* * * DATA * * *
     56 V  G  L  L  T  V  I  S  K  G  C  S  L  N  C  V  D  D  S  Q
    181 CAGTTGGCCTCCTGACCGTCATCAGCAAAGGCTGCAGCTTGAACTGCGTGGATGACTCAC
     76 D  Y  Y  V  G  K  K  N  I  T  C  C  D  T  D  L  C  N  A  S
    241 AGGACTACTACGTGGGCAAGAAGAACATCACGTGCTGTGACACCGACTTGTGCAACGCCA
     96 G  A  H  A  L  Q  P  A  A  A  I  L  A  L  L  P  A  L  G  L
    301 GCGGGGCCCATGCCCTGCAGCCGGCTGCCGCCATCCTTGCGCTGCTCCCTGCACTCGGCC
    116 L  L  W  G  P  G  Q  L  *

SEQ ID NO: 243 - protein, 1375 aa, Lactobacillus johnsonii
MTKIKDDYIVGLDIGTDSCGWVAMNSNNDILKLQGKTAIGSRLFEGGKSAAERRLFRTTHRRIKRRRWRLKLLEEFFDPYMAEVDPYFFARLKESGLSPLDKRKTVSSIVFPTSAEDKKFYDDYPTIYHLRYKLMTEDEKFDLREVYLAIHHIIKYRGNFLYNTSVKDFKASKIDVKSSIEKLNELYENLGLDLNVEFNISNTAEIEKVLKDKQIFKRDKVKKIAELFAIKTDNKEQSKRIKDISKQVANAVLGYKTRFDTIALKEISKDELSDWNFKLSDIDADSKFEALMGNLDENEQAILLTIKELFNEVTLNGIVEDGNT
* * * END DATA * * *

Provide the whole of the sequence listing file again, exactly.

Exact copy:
     56 V  G  L  L  T  V  I  S  K  G  C  S  L  N  C  V  D  D  S  Q
    181 CAGTTGGCCTCCTGACCGTCATCAGCAAAGGCTGCAGCTTGAACTGCGTGGATGACTCAC
     76 D  Y  Y  V  G  K  K  N  I  T  C  C  D  T  D  L  C  N  A  S
    241 AGGACTACTACGTGGGCAAGAAGAACATCACGTGCTGTGACACCGACTTGTGCAACGCCA
     96 G  A  H  A  L  Q  P  A  A  A  I  L  A  L  L  P  A  L  G  L
    301 GCGGGGCCCATGCCCTGCAGCCGGCTGCCGCCATCCTTGCGCTGCTCCCTGCACTCGGCC
    116 L  L  W  G  P  G  Q  L  *

SEQ ID NO: 243 - protein, 1375 aa, Lactobacillus johnsonii
MTKIKDDYIVGLDIGTDSCGWVAMNSNNDILKLQGKTAIGSRLFEGGKSAAERRLFRTTHRRIKRRRWRLKLLEEFFDPYMAEVDPYFFARLKESGLSPLDKRKTVSSIVFPTSAEDKKFYDDYPTIYHLRYKLMTEDEKFDLREVYLAIHHIIKYRGNFLYNTSVKDFKASKIDVKSSIEKLNELYENLGLDLNVEFNISNTAEIEKVLKDKQIFKRDKVKKIAELFAIKTDNKEQSKRIKDISKQVANAVLGYKTRFDTIALKEISKDELSDWNFKLSDIDADSKFEALMGNLDENEQAILLTIKELFNEVTLNGIVEDGNT